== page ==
It can be traced in the graffiti of the mercenaries of Psammetichus at Abu Simbel in Upper Egypt, where Greeks, Carians and Phoenicians all cut their names upon the legs of the colossal statues.
Amongst the kings of the XIIIth Dynasty (including perhaps the XIVth), not a few are represented by granite statues of colossal size and fine workmanship, especially at Thebes and Tanis, some by architectural fragments, some by graffiti on the rocks about the First Cataract.
Ancient graffiti abound in all this district, and on Bigeh, a larger island adjoining Philae, there was a temple as early as the reign of Tethmosis III.
On the other hand, the good condition of many of the painted Oscan inscriptions at the times when they were first uncovered (1797 onwards) and their subsequent decay and the number of Oscan graffiti appear to make it probable that at the Christian era Oscan was still spoken in the town.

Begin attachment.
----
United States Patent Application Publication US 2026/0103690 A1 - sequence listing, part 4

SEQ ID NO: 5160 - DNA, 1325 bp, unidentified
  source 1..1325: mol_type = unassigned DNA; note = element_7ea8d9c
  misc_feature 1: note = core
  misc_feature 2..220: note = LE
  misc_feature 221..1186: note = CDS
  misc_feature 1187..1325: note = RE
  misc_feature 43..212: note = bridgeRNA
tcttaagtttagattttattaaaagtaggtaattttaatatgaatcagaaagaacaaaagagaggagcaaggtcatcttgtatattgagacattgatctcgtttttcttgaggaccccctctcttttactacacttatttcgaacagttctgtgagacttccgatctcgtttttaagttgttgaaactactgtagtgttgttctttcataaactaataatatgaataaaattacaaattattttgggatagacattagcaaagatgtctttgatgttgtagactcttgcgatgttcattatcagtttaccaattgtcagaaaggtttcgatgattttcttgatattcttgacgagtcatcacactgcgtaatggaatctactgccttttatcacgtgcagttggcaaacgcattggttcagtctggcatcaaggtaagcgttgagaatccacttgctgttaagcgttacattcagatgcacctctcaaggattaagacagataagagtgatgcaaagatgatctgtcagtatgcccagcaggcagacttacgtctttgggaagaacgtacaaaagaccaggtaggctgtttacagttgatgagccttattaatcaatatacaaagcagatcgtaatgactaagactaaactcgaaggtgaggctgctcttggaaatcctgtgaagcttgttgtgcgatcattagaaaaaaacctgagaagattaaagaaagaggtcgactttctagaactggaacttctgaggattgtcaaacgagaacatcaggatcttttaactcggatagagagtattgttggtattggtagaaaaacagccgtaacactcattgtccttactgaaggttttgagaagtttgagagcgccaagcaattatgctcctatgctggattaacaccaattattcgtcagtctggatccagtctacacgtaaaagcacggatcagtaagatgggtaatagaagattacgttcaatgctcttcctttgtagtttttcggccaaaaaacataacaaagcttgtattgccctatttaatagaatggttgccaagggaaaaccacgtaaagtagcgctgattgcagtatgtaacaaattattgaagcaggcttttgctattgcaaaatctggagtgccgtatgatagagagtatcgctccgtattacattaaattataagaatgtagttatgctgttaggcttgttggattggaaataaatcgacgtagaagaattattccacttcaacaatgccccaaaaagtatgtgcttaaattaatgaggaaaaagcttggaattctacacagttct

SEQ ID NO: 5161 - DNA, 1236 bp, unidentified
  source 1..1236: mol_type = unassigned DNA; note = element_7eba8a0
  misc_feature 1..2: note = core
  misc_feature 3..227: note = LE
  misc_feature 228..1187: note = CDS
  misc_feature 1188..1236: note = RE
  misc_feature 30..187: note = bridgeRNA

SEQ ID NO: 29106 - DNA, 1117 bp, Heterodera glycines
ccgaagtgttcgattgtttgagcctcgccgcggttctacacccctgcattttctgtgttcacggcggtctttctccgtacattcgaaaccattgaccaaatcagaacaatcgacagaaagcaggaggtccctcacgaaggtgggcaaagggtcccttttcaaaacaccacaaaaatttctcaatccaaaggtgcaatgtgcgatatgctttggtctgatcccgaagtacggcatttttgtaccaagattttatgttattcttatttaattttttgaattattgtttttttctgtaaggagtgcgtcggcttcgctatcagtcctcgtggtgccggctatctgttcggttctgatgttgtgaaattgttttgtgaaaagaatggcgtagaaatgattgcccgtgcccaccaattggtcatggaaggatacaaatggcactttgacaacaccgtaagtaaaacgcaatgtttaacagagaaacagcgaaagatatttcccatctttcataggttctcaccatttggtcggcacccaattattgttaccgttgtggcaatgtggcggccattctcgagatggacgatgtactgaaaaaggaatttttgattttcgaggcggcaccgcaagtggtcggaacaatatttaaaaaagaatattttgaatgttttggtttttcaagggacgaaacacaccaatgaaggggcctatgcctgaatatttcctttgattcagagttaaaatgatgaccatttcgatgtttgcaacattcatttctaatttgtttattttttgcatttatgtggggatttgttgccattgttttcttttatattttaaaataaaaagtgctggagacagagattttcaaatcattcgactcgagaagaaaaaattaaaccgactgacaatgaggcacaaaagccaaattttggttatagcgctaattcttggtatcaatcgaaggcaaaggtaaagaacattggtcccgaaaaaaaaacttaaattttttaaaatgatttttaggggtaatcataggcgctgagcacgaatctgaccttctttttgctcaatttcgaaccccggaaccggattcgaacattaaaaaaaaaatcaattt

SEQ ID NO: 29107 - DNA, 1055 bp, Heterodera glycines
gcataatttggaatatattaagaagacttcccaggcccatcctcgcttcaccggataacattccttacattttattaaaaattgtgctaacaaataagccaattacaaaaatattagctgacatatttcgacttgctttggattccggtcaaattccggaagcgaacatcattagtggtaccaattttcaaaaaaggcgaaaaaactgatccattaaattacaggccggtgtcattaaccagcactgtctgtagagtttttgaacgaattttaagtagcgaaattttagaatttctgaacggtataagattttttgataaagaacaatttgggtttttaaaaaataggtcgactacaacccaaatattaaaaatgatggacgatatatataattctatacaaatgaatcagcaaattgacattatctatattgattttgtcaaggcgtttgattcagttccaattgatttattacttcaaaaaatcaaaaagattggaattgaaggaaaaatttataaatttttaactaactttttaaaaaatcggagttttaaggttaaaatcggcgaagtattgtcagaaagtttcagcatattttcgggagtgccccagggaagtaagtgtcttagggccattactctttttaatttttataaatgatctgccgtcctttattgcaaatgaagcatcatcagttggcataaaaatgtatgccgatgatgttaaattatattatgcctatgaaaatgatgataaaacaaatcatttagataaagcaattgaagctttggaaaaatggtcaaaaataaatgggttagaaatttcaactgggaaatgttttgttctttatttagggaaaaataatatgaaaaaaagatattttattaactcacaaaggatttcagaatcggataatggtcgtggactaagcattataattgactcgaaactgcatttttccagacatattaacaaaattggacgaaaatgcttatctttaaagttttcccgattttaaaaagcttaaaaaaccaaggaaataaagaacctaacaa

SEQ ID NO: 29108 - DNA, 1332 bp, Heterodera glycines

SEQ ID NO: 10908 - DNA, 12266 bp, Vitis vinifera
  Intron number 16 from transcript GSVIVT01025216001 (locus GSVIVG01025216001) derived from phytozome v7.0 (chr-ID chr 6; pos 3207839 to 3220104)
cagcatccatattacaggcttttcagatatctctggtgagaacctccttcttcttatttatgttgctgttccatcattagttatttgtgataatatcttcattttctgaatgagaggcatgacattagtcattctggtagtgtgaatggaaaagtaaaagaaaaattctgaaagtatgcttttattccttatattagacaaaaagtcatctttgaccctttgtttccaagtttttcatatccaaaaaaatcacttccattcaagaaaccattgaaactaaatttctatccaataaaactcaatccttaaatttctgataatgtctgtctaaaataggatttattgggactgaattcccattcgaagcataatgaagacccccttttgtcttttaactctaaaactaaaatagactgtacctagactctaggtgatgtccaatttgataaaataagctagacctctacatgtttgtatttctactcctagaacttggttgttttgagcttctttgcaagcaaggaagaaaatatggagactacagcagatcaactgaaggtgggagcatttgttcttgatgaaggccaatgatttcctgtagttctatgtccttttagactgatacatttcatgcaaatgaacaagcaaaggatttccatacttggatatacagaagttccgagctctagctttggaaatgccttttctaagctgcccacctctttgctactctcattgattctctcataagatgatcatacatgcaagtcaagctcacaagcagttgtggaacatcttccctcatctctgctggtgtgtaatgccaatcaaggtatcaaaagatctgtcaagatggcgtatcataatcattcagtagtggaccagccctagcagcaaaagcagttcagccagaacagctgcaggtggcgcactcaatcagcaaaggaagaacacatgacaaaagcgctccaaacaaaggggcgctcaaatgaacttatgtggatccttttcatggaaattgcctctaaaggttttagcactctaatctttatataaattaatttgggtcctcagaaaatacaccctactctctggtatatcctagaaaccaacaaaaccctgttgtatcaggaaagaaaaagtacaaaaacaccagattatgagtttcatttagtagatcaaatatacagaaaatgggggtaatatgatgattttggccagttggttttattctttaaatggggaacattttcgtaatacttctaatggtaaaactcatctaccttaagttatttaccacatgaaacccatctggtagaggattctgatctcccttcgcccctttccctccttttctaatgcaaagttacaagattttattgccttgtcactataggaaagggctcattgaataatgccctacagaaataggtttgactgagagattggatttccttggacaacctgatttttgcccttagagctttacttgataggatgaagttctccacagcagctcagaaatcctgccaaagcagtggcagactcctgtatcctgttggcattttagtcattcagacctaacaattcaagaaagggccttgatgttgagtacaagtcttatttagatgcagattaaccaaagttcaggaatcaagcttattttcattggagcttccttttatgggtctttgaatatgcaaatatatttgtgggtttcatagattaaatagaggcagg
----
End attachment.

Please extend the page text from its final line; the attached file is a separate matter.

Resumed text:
In rare cases during the Middle Kingdom (inscriptions in the tomb of Ameni at Beth Hasan, graffiti in the quarries of Hanub) documents were dated in the years of reign of these feudatory nobles.
A further development can be traced in the graffiti with which pilgrims adorned the rocks of Mount Sinai down to the 2nd or 3rd century A.D.
Sayce has found graffiti concerning him, and prescriptions exist for consulting Besas in dreams. It has been held that Bes was of non-Egyptian origin, African, as Wiedemann, or Arabian or even Babylonian, as W.